WordPress is the most popular Content Management System (CMS) by far and powers more than 38% of all websites in the world today. It is valued because of its versatility in allowing website owners to quickly build websites of impressive quality and functionality.
However, WordPress does need to be understood in order for it to perform at its best. If you’ve been running a WordPress site and feel that performance has been sub-par, you might be able to increase performance by making a few small tweaks.
1. Not Caching Properly
Caching in general is when applications store data in memory for faster processing or access. Similarly, by enabling caching you can pre-load parts of your website for quicker access. There are various modes of caching you can take advantage of but they generally fall into either of two categories; client-side cache, or server-side cache.
Client-side caching (usually browser caching) helps you define what elements of your site is stored on a visitor’s web browser. It also lets you specify the duration those elements are stored so that if your site is updated, the browser will be able to refresh the cache with updated elements. Browser caching works with static elements such as CSS, JS, and images.
Server-side caching is any method of caching that is implemented on your web server. These can include OPcode caching, Page caching, database caching, and more. Each of these methods deal with various elements of WordPress and leveraging on them can help improve our site performance.
For example, WordPress is very highly database-centric. Unfortunately, any processes that work with a database generally require a lot of resources (processing power and memory) to run. With database caching, what you do is basically save results of previous queries in memory to reduce the time taken to deliver certain results.
Solution 1: Install good caching plugins
Caching is one of the most important ways that you can greatly improve the performance of your WordPress website. Thankfully, as with all things WordPress-related there are plugins you can use to help with this.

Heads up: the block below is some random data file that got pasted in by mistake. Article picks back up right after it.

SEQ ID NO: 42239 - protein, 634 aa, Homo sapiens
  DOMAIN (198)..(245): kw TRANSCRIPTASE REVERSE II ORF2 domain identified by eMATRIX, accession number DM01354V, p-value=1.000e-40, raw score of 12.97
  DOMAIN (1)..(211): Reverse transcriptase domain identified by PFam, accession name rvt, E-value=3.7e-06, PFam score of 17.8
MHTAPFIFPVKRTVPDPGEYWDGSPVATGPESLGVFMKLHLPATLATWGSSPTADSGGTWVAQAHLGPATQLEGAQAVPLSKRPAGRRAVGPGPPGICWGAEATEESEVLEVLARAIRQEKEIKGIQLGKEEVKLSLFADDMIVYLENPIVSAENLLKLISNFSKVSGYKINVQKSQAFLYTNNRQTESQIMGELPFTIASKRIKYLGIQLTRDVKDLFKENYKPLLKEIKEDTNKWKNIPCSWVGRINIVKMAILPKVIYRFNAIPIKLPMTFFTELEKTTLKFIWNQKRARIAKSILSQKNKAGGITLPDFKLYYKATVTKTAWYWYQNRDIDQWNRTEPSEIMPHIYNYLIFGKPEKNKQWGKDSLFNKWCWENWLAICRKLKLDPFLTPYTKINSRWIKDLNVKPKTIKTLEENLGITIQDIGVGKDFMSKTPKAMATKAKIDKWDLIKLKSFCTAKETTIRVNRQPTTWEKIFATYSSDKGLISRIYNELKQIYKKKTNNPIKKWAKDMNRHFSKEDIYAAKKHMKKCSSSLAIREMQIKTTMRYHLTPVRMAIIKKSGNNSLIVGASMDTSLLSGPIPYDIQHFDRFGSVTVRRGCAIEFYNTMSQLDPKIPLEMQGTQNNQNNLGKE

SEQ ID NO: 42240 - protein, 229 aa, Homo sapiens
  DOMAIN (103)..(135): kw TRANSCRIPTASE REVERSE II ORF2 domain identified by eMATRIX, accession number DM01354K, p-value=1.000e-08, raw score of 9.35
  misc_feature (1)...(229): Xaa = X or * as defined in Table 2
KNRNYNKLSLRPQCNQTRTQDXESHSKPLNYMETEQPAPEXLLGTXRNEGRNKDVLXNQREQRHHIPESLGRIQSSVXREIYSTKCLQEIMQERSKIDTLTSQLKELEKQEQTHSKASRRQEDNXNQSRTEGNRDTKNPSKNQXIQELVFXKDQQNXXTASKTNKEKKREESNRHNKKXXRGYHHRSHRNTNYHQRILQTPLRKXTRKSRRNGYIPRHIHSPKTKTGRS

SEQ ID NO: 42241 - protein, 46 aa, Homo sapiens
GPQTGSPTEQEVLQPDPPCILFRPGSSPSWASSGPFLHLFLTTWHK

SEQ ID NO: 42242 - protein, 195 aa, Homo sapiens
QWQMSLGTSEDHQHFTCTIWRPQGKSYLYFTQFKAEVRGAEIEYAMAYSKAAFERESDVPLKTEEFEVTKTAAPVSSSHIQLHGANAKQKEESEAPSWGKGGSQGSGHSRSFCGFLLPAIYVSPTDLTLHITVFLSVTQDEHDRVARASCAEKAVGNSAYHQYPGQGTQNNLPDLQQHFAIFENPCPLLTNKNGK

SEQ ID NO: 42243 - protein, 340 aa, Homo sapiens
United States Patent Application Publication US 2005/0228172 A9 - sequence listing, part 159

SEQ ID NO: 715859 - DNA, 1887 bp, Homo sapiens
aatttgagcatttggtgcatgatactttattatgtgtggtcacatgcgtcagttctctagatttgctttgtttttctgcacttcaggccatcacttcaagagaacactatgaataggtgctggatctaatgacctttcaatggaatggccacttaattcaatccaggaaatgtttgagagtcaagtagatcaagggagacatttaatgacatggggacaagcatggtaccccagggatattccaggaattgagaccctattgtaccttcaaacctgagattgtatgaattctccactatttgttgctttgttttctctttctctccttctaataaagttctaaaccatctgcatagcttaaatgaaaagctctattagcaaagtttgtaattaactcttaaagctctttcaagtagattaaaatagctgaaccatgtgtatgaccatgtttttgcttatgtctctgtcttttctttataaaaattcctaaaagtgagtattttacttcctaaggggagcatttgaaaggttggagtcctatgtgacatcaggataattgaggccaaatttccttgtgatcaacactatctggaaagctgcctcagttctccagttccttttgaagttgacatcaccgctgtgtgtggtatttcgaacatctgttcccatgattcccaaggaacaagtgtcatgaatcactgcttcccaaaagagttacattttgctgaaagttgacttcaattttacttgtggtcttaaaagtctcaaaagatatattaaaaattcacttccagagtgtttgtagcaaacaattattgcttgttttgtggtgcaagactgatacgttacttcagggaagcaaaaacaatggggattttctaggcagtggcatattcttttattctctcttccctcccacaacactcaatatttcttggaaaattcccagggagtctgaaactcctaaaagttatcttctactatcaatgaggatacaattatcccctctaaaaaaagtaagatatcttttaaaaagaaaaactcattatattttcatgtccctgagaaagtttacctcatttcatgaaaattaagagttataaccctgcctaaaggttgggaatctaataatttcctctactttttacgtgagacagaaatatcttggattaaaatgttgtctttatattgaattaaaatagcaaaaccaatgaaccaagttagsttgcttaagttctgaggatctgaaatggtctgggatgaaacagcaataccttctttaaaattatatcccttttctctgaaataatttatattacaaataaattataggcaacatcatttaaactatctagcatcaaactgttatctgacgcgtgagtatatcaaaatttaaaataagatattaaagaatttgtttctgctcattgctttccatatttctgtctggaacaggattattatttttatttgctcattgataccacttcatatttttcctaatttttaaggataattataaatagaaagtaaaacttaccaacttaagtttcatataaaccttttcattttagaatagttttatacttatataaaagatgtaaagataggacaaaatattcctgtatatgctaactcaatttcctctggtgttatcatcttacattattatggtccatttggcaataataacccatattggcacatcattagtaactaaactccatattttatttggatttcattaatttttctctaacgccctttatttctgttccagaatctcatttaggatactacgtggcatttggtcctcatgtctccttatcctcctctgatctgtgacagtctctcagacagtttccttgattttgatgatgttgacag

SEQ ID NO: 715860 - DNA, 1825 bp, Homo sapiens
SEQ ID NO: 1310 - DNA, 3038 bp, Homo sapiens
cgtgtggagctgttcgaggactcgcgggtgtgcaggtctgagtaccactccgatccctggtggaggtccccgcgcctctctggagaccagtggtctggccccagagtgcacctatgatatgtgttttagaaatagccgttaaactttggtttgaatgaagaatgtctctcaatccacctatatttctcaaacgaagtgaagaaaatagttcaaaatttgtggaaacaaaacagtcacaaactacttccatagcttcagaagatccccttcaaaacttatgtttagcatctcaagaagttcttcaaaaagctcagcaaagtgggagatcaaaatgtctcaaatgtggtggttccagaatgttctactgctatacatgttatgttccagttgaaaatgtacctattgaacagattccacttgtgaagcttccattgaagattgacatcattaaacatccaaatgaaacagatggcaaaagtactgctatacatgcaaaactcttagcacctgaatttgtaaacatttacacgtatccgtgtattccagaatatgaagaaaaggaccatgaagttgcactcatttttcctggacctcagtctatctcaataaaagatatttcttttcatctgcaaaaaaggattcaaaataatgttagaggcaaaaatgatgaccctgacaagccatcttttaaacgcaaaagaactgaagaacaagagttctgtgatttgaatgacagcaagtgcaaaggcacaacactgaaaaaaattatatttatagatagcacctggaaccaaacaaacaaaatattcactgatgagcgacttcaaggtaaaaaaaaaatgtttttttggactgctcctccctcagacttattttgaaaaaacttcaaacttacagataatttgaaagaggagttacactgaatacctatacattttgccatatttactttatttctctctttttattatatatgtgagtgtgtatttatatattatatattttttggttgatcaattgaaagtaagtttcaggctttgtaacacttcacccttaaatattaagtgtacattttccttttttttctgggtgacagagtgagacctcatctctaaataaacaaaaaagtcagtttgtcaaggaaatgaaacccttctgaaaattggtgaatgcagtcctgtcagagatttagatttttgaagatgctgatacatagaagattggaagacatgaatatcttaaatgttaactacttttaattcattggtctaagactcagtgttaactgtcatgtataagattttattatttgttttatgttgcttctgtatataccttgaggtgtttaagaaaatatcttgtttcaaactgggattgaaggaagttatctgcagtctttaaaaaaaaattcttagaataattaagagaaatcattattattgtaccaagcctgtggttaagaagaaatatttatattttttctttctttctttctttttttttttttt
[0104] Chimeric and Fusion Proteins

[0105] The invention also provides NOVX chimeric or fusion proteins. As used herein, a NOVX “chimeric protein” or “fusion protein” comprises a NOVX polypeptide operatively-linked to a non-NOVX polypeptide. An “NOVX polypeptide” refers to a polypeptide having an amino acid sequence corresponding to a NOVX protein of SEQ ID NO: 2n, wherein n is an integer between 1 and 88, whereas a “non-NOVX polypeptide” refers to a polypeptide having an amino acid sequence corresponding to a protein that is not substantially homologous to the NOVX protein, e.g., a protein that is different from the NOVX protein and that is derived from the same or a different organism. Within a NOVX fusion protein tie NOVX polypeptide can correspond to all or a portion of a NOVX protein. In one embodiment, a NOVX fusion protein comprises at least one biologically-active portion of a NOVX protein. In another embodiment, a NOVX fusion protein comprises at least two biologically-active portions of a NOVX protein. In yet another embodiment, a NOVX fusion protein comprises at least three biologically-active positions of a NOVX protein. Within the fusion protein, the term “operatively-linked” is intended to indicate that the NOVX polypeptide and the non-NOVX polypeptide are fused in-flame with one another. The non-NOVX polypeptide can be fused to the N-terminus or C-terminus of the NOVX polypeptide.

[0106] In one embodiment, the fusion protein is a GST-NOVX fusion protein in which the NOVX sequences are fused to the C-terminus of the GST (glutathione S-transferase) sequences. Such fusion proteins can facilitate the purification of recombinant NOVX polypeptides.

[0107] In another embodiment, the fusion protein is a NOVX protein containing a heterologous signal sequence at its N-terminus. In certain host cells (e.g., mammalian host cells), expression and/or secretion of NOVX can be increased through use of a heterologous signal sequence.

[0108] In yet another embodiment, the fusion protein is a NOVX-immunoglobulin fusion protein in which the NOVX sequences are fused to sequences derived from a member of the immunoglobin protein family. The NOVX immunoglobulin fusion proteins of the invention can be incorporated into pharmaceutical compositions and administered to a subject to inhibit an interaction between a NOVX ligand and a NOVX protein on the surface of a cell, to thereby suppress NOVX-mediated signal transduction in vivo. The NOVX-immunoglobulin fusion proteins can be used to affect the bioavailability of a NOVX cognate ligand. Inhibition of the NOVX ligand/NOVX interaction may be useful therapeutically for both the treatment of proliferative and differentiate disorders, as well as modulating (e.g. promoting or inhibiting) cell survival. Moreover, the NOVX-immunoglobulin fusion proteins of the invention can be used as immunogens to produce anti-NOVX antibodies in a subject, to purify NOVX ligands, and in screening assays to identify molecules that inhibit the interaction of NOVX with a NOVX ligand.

There are plenty of good WordPress caching plugin in market – here are some free ones in WordPress Plugin Directory.
Tip: Use Swift Performance ($39.99 per site) for Better Results
For those with extra budget – I recommend Swift Performance.
What's more – Swift Performance helps create optimized images in JPG-PNG and/or WEBP version automatically. This enables your web pages to load even faster on modern browsers that support WEBP image format.
Note: WEBP images are 25% – 34% smaller than JPEG as per this Google article and load 1.56x faster based on study. WEBP's browser support has reached 94.2% at this time of writing.
Solution 2: Enable OPCache on your web host
By caching the compiled operation codes of PHP scripts, OPcache enable sites to serve page content significantly faster. The good news is most shared hosting providers allow their users to install OPcache extension from their control panel. So – to make use of this option to load your website faster, simply login to your hosting control panel and enable this function.
2. Databases stored in HDD
Almost without fail, most web hosting providers today will advertise that they offer Solid State Drive (SSD) solutions. SSDs are the high-tech version of the traditional hard drive and are much faster. However, despite the fall in prices of SSD, they are still more expensive than mechanical hard drives.
Because of this, some hosting provider may try to get away with a hybrid setup. They will run applications off SSDs but use traditional hard drives for storage. This is bad news for WordPress users since it is likely the database will reside on the slower, mechanical drives instead of SSD. Make sure you take note of whether your WordPress hosting provider is offering a full SSD solution or not.
Solution: Stick with hosting companies that offer full SSD hosting